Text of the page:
Sunday, April 26, 2015
Wednesday, April 15, 2015
Aarggghhh it must be caused by Facebook temptation.
But now i promise that i will blog regularly again.
O yeah , i just released a book on visual basic.net programming.
It's targeted for very beginners,
introducing visual basic net components,
syntaxes, and etc. You could see it here:
Sunday, April 12, 2015
Sunday, February 23, 2014
I recently decided to use open bravo on my minimarket.
BUt it uses file based database, since i want to implement it on multi cashiers as clients and one of the cashier as server, so i try to change the database configuration to use mysql database.
First you have to Open Openbravo POS
Then Enter using Administrator privilege (click the adminsitrator button).
Click configuration from menu
Click configure Database
Use Library > Browse MySql connector i.e.
\app-path\mysql-connector-java-5.0.8-bin.jar (u can download this library from mysql site) i download it from http://dev.mysql.com/downloads/connector/j/
fill the Driver class with com.mysql.jdbc.Driver
Set the URL to : jdbc:mysql://localhost:3306/dbname
Set the user to : MySql User
Set the Password to : MySql Password (If empty leave blank)
Click Save button and restart Openbravo POS system.
Before restarting, create a database first with name = dbname using phpmyadmin (i am currently using XAMPP on WIndows 7, since my lx300 epson currently have no win 8 compatibility).
Automatically MySql database will be created.
Saturday, February 22, 2014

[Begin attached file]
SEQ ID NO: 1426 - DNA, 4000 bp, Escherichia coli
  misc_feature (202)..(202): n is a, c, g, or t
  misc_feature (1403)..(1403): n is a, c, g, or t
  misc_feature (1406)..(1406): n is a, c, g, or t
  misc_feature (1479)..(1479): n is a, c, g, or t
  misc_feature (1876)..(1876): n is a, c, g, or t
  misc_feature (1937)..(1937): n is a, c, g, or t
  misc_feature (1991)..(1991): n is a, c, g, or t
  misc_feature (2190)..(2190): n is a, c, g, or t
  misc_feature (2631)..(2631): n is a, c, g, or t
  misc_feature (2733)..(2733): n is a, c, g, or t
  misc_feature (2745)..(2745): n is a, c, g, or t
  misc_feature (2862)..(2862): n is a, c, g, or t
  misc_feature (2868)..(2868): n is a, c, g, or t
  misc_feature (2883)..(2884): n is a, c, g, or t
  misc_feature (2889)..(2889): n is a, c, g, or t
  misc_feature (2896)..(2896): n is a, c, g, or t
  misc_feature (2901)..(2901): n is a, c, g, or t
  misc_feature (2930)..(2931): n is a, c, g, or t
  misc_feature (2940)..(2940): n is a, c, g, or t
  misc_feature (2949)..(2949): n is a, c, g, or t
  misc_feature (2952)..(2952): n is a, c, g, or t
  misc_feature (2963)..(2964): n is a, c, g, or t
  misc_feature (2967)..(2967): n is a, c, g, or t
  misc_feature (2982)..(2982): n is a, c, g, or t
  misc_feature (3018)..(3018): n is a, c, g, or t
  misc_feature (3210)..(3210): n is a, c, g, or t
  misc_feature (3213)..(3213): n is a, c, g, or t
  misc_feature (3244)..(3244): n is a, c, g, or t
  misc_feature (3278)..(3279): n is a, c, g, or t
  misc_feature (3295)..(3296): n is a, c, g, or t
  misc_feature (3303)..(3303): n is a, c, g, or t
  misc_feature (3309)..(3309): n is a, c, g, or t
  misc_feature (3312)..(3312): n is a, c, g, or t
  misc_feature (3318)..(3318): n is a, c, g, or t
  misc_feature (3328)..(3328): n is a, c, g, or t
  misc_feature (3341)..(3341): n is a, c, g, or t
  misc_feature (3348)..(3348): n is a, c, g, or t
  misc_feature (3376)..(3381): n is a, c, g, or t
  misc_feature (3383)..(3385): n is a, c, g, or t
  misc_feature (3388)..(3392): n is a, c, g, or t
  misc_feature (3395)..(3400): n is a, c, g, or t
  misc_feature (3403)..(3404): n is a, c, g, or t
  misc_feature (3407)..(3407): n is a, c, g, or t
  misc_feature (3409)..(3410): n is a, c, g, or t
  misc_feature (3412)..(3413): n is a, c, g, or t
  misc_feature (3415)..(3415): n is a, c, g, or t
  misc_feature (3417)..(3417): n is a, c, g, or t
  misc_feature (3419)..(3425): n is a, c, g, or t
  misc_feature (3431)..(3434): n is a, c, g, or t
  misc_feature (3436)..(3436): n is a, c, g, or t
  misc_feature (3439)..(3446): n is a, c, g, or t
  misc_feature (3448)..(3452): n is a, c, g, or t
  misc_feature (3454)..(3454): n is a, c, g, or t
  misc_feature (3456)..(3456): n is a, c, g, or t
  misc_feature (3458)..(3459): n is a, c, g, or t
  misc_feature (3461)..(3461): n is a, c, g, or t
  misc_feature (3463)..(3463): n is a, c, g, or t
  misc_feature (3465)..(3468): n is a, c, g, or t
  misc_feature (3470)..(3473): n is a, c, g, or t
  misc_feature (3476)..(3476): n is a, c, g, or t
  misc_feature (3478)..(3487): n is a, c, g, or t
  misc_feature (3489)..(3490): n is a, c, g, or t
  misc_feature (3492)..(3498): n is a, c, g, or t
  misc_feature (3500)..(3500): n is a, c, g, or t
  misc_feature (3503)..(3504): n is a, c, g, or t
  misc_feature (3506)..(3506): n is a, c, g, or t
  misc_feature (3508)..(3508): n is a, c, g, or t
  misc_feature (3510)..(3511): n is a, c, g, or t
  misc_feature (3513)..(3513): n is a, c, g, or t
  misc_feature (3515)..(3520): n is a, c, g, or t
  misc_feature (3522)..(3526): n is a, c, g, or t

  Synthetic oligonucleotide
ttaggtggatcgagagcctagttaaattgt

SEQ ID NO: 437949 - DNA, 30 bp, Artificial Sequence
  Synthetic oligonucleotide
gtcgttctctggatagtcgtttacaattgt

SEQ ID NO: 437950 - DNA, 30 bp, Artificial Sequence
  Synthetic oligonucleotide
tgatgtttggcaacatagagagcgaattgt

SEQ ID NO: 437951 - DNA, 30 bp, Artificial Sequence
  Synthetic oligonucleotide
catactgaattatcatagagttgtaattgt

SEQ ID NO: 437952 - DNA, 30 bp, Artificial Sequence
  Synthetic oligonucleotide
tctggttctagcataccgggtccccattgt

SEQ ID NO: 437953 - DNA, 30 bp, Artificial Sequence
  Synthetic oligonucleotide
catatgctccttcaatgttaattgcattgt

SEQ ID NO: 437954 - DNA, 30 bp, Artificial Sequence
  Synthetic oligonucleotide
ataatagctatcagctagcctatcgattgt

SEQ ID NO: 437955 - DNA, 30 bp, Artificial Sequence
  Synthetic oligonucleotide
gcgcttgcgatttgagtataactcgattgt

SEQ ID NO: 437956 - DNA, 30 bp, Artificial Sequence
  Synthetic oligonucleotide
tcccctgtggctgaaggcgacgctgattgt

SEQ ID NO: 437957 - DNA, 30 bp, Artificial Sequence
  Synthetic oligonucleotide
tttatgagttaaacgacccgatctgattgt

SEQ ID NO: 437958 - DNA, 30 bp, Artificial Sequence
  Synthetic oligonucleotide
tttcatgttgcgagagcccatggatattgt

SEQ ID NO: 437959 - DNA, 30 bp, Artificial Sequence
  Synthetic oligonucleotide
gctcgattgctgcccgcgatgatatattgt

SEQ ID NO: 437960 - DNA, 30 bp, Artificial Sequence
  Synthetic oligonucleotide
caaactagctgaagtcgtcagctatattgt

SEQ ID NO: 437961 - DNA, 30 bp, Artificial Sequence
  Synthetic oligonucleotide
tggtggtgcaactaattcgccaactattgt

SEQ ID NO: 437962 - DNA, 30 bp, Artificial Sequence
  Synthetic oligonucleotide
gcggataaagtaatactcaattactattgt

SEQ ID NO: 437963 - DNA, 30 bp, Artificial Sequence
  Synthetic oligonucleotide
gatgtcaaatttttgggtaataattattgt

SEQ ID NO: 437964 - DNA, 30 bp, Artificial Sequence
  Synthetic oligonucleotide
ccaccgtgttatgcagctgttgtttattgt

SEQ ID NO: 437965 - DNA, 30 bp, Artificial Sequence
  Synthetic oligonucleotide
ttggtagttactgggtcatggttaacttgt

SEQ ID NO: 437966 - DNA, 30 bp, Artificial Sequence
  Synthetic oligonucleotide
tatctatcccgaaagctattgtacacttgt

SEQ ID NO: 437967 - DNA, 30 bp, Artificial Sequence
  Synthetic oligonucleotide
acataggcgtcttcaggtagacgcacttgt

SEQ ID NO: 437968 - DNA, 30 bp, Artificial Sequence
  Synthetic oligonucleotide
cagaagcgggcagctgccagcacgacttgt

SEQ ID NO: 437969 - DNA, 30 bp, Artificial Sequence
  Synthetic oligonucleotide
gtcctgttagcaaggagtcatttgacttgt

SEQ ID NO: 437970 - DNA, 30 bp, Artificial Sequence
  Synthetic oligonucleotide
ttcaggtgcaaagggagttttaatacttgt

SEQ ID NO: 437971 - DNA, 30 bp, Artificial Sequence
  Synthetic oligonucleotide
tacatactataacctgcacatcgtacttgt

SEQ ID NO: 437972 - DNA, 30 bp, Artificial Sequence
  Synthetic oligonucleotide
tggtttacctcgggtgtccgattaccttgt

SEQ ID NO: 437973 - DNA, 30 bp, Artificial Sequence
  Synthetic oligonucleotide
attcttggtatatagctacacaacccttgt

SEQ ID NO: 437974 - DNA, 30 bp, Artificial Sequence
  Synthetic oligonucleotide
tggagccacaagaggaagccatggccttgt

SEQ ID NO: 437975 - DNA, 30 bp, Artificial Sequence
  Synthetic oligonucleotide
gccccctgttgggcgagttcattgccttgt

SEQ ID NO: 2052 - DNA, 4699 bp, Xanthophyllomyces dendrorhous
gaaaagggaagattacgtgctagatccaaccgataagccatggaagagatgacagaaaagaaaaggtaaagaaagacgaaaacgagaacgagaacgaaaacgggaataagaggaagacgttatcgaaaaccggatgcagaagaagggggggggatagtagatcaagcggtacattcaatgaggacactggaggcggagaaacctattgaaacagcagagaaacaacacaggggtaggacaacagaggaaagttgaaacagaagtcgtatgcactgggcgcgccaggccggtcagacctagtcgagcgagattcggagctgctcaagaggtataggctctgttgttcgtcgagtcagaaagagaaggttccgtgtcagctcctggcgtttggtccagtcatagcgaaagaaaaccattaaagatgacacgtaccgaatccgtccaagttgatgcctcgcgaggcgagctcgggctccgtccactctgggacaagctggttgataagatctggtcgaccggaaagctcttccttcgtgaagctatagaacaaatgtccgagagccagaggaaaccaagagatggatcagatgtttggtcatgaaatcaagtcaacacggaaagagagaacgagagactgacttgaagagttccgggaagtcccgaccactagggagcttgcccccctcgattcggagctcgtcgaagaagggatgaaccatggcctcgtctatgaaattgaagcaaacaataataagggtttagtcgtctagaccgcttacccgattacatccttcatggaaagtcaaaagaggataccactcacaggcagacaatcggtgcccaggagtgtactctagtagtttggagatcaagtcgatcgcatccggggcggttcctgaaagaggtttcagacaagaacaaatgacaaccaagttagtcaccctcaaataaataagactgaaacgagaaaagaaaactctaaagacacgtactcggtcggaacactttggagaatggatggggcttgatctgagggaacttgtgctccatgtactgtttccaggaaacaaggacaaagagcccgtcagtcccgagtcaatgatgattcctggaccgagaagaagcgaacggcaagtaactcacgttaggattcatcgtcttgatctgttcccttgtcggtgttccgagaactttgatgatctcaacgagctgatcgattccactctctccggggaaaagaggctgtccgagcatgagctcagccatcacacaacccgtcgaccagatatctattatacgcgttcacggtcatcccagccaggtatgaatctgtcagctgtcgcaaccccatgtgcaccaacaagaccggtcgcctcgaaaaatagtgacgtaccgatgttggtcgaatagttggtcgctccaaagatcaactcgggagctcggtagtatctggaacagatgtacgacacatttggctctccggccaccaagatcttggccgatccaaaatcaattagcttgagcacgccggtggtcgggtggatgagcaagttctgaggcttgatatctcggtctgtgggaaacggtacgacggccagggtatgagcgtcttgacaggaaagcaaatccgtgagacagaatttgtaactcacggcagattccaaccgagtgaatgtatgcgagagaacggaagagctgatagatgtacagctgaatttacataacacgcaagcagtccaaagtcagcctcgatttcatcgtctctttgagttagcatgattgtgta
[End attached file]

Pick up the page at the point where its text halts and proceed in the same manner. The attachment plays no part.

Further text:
AhadPOS is one amongst free and open source softwares that specialize in point of sales. this software was developed from scratch by RimbaLinux teams Indonesia, hence was initially directed towards indonesian minimarket owner.
This software is very easy to install, using php and mysql, can be used on multi cashier. There are also VM-version of the software that bundled this AHadPos with Ubuntu linux. You can download this free and open source software from http://ahadpos.wordpress.com/produk/
The review of this software will be available soon on this blog.
Sunday, July 22, 2012
So when a business offers its employees a bonus for creative ideas, a flood of great, original thoughts should come pouring in. Right?
We think that creativity, like any other task, can be bought and sold. But creativity is not the same as hard work and effort; it requires genuine inspiration. It is the product of a mind thoroughly intrigued by a question, a situation, a possibility.
Thus, creativity comes not in exchange for money or rewards but when we focus our attention on something because we want to.
Japan Railways East had the contract to build a bullet train between Tokyo and Nagano to be put in place in time for the 1998 Winter Olympics.
Unfortunately, tunnels built by the company through the mountains kept filling with water. The company brought in a team of engineers, who were highly paid to come up with the best solution. The engineers analyzed the problems and drew up an extensive set of plans to build an expensive drain and a system of aqueducts to divert the water out of the tunnels.
A thirsty maintenance worker one day came up with a different solution when he bent over and took a large swallow of the tunnel water. It tasted great, better than the bottled water he had in his lunch pail.
He told his boss they should bottle it and sell it as premium mineral water.
Thus was born Oshimizu bottled water, which the railroad sells from vending machines on its platforms and has expanded to selling by home delivery.
A huge cost was transformed into a huge profit, all by looking at the situation differently.
Experiments offering money in exchange for creative solutions to problems find that monetary rewards are unrelated to the capacity of people to offer original ideas. Instead, creativity is most frequently the product of genuine interest in the problem and a belief that creativity will be personally appreciated by superiors.
Cooper, Clasen, Silva-Jalonen, and Butler 1999